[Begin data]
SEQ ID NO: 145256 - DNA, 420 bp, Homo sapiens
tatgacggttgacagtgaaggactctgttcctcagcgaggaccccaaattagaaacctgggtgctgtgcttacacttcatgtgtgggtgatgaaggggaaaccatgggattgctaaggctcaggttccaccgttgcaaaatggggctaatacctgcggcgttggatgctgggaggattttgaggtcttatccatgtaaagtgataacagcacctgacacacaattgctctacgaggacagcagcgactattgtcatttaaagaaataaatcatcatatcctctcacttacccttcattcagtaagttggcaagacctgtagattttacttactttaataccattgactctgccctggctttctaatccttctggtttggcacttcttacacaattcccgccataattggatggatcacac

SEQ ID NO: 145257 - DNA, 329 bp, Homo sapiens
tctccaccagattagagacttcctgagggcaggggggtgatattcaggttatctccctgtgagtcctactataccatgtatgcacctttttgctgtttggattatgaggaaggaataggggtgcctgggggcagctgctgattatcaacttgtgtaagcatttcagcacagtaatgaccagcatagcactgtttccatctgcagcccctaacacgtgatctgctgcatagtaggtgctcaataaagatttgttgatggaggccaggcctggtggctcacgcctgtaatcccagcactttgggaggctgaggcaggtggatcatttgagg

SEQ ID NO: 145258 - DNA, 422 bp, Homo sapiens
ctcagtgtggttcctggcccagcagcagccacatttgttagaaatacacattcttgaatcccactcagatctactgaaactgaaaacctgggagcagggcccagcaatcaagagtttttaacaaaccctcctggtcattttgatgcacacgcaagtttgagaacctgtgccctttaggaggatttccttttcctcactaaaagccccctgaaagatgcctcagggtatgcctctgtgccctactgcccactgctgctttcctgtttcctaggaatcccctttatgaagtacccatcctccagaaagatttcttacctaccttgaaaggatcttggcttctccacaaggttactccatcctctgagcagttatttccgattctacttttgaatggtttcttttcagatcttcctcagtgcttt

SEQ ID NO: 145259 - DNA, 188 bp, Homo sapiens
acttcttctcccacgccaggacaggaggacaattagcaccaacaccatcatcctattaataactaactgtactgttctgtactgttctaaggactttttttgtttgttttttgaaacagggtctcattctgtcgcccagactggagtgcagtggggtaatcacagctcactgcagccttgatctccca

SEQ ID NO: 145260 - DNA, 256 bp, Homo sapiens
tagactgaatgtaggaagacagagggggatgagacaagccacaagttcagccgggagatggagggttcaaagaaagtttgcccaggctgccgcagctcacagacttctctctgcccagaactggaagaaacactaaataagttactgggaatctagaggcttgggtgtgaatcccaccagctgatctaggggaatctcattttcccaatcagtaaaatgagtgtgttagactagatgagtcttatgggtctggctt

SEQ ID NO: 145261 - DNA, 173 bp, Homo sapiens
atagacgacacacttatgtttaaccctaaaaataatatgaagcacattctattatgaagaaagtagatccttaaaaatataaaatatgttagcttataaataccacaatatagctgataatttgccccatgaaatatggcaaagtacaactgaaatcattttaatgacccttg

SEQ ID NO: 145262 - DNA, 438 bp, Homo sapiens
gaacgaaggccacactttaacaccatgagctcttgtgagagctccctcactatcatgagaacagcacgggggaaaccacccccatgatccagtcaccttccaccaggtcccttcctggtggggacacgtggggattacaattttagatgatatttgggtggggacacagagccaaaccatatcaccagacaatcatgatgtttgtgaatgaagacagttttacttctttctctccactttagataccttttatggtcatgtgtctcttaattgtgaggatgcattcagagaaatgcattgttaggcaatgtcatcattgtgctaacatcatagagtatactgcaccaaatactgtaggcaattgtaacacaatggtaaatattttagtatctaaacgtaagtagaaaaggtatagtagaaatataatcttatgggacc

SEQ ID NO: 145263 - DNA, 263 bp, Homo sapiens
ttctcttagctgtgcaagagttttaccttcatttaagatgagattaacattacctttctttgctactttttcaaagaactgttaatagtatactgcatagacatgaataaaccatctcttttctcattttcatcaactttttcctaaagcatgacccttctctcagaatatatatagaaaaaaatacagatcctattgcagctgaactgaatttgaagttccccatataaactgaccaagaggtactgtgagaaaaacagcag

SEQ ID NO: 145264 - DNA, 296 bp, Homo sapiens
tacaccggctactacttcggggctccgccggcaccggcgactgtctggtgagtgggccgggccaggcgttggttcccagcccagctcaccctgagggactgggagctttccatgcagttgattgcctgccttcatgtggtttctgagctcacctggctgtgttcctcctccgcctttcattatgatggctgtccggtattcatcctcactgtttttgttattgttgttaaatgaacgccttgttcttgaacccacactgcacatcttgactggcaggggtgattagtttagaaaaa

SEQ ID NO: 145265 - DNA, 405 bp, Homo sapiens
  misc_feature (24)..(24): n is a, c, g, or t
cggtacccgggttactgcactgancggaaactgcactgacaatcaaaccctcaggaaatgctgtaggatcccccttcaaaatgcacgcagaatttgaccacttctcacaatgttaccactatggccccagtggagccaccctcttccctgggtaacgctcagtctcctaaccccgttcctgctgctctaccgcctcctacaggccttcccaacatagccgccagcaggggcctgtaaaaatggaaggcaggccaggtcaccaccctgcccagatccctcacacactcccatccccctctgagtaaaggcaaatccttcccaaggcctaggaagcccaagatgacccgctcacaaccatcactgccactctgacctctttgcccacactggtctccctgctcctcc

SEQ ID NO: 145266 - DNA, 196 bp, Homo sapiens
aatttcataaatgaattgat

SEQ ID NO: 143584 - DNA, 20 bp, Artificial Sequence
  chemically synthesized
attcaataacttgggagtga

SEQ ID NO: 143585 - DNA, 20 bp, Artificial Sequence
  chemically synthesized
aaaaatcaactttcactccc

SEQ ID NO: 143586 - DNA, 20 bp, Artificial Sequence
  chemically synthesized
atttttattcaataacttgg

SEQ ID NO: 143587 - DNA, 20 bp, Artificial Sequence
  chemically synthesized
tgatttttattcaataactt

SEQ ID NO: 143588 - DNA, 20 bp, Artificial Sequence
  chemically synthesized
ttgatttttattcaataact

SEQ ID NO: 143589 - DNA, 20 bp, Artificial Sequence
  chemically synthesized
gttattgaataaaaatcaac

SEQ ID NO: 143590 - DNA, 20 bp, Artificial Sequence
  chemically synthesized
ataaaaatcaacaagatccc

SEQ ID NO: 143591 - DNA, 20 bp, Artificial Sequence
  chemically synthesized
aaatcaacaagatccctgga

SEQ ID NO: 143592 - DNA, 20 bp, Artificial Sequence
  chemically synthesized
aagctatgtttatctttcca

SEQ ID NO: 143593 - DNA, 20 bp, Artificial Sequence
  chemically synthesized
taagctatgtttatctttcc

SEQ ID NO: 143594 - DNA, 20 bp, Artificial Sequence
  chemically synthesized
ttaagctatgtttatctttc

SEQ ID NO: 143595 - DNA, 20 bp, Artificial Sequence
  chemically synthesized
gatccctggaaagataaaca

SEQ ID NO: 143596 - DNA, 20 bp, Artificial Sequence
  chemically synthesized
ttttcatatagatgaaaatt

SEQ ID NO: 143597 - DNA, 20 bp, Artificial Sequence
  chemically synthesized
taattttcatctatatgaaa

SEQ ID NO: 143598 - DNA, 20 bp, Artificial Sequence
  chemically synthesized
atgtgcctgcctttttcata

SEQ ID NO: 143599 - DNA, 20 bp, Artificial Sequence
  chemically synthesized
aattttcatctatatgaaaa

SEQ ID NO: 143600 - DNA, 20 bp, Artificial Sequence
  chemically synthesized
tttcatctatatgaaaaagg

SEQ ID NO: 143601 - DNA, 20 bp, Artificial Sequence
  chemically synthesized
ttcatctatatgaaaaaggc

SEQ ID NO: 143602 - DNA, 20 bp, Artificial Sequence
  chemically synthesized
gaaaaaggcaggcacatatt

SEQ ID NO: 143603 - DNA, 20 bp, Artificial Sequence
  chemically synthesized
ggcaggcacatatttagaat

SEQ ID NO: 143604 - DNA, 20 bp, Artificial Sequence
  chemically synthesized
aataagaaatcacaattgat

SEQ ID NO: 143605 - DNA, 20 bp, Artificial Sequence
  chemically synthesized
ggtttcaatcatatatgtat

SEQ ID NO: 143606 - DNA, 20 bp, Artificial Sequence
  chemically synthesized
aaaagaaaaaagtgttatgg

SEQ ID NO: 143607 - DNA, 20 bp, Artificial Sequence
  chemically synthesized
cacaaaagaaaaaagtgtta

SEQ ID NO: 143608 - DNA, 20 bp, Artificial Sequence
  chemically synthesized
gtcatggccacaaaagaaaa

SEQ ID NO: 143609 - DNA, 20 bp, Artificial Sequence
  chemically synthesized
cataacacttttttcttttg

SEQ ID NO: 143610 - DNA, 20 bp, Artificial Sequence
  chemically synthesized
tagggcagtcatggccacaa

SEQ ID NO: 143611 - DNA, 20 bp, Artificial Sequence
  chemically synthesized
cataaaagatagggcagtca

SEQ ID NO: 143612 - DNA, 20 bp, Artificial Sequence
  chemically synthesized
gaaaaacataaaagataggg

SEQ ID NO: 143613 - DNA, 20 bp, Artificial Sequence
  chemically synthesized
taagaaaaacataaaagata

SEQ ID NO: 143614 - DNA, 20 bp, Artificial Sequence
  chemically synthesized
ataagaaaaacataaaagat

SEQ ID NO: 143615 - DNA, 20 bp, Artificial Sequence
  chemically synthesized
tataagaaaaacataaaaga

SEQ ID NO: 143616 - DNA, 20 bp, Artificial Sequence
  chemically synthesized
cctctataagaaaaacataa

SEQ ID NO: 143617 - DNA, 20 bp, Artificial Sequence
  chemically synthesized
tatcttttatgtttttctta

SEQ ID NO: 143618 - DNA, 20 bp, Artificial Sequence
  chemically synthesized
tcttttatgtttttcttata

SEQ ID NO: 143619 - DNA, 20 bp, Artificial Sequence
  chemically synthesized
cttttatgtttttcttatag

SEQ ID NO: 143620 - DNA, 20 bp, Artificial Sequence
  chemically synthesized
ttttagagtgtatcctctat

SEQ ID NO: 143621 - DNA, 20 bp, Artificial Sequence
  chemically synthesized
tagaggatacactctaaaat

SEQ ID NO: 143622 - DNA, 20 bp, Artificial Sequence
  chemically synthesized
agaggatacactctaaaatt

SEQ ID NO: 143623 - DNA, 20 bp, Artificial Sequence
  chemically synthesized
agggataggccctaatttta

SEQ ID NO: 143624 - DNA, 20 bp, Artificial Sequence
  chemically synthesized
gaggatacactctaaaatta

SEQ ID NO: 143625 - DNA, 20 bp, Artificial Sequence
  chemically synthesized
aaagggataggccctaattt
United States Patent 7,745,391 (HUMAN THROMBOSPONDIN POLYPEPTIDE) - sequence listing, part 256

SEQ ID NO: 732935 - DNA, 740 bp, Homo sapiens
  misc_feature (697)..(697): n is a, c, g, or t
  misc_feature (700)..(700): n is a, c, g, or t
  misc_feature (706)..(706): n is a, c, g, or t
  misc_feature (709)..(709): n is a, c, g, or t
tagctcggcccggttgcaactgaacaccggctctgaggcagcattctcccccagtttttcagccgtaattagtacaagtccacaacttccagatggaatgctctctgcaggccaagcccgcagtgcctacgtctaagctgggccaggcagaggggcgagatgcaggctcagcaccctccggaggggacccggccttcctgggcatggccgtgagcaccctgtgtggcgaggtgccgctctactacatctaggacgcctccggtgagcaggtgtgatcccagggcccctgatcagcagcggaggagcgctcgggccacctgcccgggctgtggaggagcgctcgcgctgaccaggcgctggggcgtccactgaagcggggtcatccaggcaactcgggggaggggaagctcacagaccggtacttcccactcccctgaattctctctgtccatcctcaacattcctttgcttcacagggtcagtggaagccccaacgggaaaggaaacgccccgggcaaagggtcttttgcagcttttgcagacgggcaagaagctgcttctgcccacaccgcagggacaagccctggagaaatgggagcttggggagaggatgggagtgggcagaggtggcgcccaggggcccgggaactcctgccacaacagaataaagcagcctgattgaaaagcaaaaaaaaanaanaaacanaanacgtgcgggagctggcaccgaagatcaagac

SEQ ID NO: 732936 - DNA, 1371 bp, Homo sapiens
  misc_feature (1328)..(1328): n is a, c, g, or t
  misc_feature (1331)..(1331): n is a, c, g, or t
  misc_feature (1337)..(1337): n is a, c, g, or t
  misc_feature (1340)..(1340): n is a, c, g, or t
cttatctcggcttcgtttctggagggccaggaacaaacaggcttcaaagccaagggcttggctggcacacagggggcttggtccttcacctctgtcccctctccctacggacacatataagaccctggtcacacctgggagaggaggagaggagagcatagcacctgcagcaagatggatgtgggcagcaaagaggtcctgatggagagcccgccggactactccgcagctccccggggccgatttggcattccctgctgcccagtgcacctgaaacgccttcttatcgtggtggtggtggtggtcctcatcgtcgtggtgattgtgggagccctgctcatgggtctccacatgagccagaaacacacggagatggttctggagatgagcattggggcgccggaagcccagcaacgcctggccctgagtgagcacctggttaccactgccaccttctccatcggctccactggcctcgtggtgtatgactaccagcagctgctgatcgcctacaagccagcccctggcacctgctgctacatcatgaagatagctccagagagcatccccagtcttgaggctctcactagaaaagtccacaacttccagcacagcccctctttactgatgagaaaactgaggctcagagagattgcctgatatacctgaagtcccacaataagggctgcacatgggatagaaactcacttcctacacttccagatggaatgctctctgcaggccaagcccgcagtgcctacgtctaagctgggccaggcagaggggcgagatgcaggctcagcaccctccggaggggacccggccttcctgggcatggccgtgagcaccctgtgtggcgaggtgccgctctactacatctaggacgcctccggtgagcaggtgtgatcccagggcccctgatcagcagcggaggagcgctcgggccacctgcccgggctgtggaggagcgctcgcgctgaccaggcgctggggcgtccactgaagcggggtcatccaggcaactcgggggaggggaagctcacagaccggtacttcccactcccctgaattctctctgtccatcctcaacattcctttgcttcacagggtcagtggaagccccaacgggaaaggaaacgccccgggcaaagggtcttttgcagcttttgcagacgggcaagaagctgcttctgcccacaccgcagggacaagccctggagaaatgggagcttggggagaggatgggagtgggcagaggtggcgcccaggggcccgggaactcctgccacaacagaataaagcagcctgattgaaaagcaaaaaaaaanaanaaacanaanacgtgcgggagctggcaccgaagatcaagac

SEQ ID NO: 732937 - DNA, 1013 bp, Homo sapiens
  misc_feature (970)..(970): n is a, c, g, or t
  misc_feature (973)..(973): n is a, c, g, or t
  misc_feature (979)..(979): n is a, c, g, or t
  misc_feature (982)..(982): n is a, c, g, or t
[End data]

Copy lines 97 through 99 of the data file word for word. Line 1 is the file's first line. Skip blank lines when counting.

  chemically synthesized
gtcatggccacaaaagaaaa

SEQ ID NO: 143609 - DNA, 20 bp, Artificial Sequence